How different types of cask wood affects your whisky?
Wood has a discernible effect on the taste of your whisky. As discussed in our earlier article, oakwood is the preferred material for making liquor casks, but it too has different variants. Today, we take a look at various types of oakwood and their effect on the whisky maturation process.
The journey of a cask begins with unadulterated oakwood, wood that is neither painted nor treated with chemicals. Oakwood is readily accessible in the Highlands and offers structural benefits for the construction of casks. It can be altered after harvesting through processes known as toasting and charring to make casks with unique flavoring qualities. Here are some general themes of flavors you can expect from different types of oakwood.
Scottish oak is a rare variety of wood and hard to come by due to centuries of deforestation. The tree is rather knotty and gnarly, which makes it difficult to manipulate it for building casks. However, once crafted, the wood provides a warm and spicy character and flavors to the spirits, which we generally associate with single malt Scotch whiskies.
Similar in properties to the Scottish oak, Irish oak has very little exposure in modern times due to a lack of resources. However, recent experiments suggest that this particular strain of oakwood imparts sweet vanilla, caramel, and chocolate notes to the whiskies. Moreover, the healthy dose of woody, oaky spice in Irish whiskeys can also be attributed to the Irish oak.
Oak trees from France and Spain generally qualify as European oaks. Casks made from this wood are used for aging spirits like Cognac and Armagnac and take much longer to impart flavor because of the wood's tighter grain formation. The flavor itself can be wildly different, leaning less towards vanilla and fresh fruit and more towards tannins, citrus, and spice. Moreover, oakwood sourced from Ukraine and Russia also falls under this category but has even denser properties which reduce the wood's impact on flavor.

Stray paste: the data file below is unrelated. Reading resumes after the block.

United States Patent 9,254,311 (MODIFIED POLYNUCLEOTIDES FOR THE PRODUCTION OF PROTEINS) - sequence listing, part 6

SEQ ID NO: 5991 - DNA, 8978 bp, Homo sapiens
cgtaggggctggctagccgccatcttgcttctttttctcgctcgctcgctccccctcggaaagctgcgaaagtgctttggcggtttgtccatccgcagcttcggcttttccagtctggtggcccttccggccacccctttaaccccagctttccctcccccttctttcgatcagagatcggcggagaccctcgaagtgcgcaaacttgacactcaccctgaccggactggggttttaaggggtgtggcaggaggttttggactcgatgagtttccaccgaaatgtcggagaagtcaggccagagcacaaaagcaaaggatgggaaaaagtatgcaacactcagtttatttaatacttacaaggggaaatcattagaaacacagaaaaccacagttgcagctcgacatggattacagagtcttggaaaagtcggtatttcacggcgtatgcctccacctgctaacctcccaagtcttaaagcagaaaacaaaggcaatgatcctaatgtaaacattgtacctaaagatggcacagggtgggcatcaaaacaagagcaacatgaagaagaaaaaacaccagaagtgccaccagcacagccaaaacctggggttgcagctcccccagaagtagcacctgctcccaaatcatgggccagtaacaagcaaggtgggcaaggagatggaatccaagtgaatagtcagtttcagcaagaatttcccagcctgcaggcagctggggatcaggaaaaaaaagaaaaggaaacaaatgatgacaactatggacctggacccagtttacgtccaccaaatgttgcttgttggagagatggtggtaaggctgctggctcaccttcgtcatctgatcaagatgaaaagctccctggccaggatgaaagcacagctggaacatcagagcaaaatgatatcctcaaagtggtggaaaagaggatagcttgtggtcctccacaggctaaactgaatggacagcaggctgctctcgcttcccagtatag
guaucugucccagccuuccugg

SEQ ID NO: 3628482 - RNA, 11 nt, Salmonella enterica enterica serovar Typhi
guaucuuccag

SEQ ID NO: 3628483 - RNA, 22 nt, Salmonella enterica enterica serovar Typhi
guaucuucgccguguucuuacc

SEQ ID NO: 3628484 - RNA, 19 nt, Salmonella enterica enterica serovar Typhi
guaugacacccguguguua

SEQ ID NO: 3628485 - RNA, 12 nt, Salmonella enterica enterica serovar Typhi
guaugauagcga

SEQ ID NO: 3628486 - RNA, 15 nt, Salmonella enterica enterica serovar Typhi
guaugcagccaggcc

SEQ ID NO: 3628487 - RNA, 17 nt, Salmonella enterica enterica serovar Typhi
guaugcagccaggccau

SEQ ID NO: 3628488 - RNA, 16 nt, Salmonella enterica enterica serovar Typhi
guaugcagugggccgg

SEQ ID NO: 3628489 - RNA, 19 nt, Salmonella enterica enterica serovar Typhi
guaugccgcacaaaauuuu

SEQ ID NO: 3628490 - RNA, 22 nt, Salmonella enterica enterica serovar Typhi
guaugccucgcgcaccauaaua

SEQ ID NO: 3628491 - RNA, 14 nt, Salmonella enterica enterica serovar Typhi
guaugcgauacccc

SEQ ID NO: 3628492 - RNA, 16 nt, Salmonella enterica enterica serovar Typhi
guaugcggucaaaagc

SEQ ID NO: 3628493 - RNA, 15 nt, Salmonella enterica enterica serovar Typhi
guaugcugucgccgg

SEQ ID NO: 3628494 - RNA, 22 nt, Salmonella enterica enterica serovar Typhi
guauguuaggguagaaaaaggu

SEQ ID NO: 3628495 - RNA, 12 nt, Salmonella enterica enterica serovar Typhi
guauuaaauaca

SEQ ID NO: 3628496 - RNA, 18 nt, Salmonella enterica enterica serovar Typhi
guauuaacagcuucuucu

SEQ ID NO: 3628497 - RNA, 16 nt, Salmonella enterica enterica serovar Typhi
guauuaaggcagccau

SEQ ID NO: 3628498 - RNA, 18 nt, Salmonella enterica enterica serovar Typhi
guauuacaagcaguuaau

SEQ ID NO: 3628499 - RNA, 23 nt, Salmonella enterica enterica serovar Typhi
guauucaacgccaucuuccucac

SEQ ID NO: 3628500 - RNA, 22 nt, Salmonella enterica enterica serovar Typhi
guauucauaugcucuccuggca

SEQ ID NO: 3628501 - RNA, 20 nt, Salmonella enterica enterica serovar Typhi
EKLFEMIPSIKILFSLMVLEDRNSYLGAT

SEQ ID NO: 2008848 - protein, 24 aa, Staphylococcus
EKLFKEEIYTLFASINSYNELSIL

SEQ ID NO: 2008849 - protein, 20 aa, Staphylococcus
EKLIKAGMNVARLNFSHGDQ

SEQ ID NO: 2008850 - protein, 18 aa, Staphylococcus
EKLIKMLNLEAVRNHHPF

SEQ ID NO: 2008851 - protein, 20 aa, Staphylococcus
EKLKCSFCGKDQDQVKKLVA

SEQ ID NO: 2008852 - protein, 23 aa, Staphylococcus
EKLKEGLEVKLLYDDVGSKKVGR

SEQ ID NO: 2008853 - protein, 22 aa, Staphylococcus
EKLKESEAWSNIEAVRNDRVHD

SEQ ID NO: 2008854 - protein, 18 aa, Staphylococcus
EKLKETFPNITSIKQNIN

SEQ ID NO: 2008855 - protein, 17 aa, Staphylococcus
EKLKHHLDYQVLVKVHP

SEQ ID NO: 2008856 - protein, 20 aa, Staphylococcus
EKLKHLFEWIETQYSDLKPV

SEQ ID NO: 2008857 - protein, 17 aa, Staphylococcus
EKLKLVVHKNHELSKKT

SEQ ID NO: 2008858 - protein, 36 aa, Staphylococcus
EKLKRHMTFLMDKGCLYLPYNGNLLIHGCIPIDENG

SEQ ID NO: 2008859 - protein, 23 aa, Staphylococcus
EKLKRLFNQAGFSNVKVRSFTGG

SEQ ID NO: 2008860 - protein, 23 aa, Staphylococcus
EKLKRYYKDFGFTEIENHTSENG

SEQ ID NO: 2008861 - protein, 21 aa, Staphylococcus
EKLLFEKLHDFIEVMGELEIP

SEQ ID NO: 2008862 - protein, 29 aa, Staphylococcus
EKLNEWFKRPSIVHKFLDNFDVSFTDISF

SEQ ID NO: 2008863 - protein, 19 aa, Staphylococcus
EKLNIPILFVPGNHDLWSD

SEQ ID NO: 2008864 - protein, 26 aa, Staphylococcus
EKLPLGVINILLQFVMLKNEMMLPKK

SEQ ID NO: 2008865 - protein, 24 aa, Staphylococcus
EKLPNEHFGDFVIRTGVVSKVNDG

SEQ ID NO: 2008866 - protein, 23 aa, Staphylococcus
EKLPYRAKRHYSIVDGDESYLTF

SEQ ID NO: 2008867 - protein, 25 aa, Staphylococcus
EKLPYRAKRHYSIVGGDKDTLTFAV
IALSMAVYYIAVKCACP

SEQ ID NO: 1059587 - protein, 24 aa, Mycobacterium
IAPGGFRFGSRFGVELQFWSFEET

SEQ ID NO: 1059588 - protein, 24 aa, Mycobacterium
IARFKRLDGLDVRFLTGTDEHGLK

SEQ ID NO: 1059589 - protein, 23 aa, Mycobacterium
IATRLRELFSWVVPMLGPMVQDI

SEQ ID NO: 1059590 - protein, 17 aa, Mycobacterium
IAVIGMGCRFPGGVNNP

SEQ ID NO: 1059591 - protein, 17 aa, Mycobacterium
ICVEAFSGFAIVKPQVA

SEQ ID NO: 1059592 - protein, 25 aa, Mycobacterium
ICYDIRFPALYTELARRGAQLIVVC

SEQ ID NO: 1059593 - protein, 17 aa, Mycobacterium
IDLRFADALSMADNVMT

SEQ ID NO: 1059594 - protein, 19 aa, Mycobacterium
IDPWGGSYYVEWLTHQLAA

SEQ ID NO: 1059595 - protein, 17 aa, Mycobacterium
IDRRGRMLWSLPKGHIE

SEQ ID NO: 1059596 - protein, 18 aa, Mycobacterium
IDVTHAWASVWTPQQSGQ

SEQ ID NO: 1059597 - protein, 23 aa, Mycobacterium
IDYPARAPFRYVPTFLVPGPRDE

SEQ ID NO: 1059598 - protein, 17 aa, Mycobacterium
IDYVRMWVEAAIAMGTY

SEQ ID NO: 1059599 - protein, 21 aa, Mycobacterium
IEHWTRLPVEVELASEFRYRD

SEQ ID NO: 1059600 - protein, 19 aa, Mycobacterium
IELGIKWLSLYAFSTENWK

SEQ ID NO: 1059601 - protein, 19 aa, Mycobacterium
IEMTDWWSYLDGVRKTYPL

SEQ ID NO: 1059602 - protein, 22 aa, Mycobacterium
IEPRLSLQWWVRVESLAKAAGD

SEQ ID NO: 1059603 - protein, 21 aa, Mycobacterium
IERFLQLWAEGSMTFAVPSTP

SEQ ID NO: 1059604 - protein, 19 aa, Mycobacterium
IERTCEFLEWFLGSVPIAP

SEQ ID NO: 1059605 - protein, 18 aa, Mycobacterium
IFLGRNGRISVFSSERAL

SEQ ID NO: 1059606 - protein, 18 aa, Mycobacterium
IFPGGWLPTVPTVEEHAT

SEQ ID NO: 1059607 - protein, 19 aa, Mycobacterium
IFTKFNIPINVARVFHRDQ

Most American oak casks are first used to age bourbon before being sold for maturing Scotch and other liquors. American oakwood imparts vanillic and fruity flavors to the spirits. However, the new or 'virgin' American oak offers subtly different flavors with hints of spiciness and woody notes melded with vegetal bitterness.
While a part of the European oak family, the Hungarian oakwood is uncommon in whisky maturation. However, in rare use cases, the oakwood imparts a vibrant, oaky spice with soft berry-fruit flavors and traditional European-oak depth.
Mizunara is a slow-growing species of oakwood from Japan. Casks made from Mizunara oak are particularly rare as, like the Scottish oak, the wood is difficult to manipulate. But the distinct flavoring offered by this wood has created a niche demand in the Japanese and international whisky markets. The signature flavors of Mizunara oaks include soft spiciness along with notes of sandalwood, incense, coconuts, and dry tannin.
Other than oakwood, distillers also keep trying spirit maturation with different woods, although with limited success. One of the latest experiments includes Amburana, a tree that grows in Brazilian rainforests. Typically used for aging cachaça, a native sugarcane spirit, Amburana wood has a strong tonka bean character. Think vanilla flavor turned up to eleven and rounded out with aromatic notes of coconut and cinnamon.
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